Category Archives: Microbiology for Beginners
You will find some of these rules and procedures listed in the beginning material of your laboratory manual. If you find any safety rules or procedures listed here appears to be in conflict with those given in your laboratory manual, please resolve it by asking your course instructor or teaching assistant (TA) for clarification.
Safety in a microbiology laboratory is important in the prevention of infection as Microbiology laboratory cultures, manipulates, and uses virulent and/or potentially pathogenic microorganisms. In addition to microorganisms, there are some chemicals used in this laboratory that are potentially harmful. Many procedures involve glassware, open flames, and sharp objects that can cause trauma/ damage if used improperly.
General Safety Rules and Procedures
- The laboratory procedures must be read prior to attending that laboratory session.
- Smoking, eating, and drinking in the laboratory are absolutely prohibited in the laboratory at any time.
Robert Koch (1843-1910) was a German physician and scientist and the first person to prove that Bacterium are the cause of animal disease. Robert Koch was born on December 11, 1843 at Clausthal in the Upper Harz Mountains in the northwestern region of Germany.Dr. Koch died on the 27th of May 1910 of a heart-attack in Baden-Baden at the age of 66.
He has given the famous Koch’s postulates . Robert Koch is also known as Father of Clinical Microbiology.
Robert Koch and his discoveries
He worked on Anthrax and in 1877, discovered typical Bacilli (Bacillus anthracis) with squarish ends in the blood of cattle that had died of anthrax.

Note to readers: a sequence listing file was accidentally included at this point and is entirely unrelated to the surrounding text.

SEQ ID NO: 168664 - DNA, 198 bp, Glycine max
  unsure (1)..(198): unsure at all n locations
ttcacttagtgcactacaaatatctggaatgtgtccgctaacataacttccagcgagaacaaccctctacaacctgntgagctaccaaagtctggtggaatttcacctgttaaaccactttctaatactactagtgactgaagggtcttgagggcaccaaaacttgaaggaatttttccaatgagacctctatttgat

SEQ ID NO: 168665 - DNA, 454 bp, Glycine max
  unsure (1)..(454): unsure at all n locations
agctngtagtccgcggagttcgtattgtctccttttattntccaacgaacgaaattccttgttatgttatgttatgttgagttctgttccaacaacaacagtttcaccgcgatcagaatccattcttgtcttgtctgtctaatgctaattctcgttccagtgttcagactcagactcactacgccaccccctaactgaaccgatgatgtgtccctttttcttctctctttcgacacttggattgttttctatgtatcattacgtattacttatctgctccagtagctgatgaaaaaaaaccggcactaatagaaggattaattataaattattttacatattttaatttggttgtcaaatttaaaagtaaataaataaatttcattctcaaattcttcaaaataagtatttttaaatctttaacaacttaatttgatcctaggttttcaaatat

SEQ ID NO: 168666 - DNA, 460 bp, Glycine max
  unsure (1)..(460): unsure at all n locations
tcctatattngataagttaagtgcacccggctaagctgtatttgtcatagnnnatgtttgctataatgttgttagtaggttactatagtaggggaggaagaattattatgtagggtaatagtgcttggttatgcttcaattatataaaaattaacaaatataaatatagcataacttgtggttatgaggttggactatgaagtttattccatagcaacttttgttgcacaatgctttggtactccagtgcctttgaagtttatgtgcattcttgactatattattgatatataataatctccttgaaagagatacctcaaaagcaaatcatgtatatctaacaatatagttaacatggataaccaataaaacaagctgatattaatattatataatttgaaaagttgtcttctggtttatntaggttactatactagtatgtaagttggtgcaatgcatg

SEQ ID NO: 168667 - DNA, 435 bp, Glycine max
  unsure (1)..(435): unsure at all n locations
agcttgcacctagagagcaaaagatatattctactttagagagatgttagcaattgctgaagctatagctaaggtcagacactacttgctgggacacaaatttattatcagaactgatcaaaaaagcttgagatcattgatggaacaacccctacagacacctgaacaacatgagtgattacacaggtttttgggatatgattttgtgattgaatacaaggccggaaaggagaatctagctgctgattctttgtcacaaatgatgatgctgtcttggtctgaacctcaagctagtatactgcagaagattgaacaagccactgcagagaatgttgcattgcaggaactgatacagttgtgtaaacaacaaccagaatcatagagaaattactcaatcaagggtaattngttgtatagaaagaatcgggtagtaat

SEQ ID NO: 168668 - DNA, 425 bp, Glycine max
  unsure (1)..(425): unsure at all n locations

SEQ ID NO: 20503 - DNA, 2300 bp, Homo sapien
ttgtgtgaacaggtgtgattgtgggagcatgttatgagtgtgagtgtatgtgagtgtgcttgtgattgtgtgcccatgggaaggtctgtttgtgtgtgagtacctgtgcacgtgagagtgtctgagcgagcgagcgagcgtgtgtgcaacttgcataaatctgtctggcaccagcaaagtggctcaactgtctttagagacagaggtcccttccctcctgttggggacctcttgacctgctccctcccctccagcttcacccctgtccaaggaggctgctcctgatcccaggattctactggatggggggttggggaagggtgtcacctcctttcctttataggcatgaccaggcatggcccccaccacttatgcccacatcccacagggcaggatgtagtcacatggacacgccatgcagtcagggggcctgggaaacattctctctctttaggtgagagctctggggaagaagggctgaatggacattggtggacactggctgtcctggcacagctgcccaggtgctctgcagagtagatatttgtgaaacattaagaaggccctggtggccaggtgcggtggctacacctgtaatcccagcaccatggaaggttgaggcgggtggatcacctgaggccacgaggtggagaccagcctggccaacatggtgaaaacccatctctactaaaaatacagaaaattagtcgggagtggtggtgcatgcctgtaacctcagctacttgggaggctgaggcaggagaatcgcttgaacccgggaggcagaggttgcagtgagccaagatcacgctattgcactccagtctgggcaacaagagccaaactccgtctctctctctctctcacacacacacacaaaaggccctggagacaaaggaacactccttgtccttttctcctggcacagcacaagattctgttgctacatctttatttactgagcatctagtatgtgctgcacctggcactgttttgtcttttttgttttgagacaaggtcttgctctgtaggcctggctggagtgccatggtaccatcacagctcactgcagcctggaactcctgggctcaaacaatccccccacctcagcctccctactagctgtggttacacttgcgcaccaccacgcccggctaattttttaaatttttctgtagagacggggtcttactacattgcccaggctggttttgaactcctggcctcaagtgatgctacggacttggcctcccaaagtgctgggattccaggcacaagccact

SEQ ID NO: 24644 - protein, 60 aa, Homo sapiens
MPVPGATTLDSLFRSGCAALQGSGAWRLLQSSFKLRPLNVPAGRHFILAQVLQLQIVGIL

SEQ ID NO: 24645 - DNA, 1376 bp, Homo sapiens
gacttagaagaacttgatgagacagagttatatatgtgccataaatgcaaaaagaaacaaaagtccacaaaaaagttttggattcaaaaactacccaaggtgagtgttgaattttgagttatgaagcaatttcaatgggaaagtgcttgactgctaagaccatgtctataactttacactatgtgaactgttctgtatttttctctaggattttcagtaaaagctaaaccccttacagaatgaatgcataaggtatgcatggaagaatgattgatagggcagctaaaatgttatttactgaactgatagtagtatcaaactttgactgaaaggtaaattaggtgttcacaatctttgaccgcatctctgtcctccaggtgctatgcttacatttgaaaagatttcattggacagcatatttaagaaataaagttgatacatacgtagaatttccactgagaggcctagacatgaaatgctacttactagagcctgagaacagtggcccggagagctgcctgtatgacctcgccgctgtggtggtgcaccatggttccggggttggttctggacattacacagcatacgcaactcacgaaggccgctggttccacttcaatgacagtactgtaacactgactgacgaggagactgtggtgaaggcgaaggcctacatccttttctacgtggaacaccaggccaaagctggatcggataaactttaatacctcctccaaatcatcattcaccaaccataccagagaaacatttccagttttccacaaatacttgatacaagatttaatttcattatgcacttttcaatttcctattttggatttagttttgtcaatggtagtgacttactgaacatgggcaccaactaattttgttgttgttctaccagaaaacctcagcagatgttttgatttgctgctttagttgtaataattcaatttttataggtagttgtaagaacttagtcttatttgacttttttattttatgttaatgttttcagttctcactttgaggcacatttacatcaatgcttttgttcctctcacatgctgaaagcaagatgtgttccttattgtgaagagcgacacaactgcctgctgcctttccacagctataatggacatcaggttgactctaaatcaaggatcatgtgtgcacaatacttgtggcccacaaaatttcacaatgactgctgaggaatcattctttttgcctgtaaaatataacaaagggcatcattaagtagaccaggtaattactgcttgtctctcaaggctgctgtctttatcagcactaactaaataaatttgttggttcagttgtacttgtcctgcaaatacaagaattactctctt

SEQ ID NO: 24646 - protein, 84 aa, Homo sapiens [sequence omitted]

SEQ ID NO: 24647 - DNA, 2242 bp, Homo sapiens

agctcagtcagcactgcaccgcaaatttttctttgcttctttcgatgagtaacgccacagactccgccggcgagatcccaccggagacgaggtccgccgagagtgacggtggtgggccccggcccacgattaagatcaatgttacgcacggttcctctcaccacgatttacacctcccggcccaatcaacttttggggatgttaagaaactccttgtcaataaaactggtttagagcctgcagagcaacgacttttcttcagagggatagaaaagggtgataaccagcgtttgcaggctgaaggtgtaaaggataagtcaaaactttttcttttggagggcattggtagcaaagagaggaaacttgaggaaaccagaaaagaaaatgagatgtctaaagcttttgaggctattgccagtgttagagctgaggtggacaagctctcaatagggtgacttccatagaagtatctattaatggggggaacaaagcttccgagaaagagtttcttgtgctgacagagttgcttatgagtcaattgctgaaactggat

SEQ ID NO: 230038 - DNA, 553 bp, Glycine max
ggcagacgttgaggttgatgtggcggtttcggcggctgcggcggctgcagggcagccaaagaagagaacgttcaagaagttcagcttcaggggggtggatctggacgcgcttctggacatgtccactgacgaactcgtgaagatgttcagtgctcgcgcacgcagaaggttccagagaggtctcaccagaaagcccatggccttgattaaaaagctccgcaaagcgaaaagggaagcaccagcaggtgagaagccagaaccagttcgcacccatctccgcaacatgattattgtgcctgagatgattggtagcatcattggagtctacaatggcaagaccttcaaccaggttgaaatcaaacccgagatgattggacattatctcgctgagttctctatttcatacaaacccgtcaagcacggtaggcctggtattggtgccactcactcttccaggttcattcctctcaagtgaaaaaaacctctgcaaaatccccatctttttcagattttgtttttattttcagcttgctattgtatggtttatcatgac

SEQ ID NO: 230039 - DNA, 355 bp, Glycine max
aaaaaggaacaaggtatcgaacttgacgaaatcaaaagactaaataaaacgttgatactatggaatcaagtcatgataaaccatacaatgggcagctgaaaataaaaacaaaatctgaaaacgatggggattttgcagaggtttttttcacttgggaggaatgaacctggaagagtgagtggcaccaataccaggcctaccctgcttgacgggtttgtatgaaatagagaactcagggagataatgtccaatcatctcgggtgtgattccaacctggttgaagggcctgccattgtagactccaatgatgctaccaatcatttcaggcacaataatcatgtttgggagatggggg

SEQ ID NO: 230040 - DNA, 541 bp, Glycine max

Other bacteria discovered by Robert Koch are Mycobacterium tuberculosis (1882), Vibrio cholerae (1883), Staphylococcus (1878).
He also developed a technique for isolating bacteria on a culture plate.Robert Koch was the first person to grow bacteria on solid culture media. He employed gelatin as a solidifying agent.
Catalase is an enzyme, which is produced by microorganisms that live in oxygenated environments to neutralize toxic forms of oxygen metabolites; H2O2. The catalase enzyme neutralizes the bactericidal effects of hydrogen peroxide and protects them. Anaerobes generally lack the catalase enzyme.
Catalase mediates the breakdown of hydrogen peroxide H2O2 into oxygen and water. To find out if a particular bacterial isolate is able to produce catalase enzyme, small inoculums of bacterial isolate is mixed into hydrogen peroxide solution (3%) and the rapid elaboration of oxygen bubbles occurs. The lack of catalase is evident by a lack of or weak bubble production.
Enterobacteriaceae family contains a large number of genera that are biochemically and genetically related to one another. Many of the traditional or familiar bacteria are found in this family e.g. Escherichia, Shigella, Salmonella, Enterobacter, Proteus, Yersinia etc.
Seven common characteristics of family Enterobacteriaceae are:
- They are gram negative, short rods
- They are non-sporulating, facultative anaerobes
- These organism have simple nutritional requirements and MacConkey agar is used to isolate and differentiate organisms of Enterobacteriaceae family (Pink colored colonies of lactose fermenter-coliforms and pale colored colonies of Non lactose fermenter)
Microbiologists work in public health laboratories, hospital laboratories, reference or independent laboratories, and physician office laboratories.
Microbiologist must be aware of what the physician needs and as well as what the laboratory needs.
At an elementary level, the physician needs answers to three basic questions from the microbiology laboratory:
- Is my patient’s illness caused by a microbe?
- If so, what is it?
- What is the antibiotic susceptibility profile of that organism so that therapy can be targeted?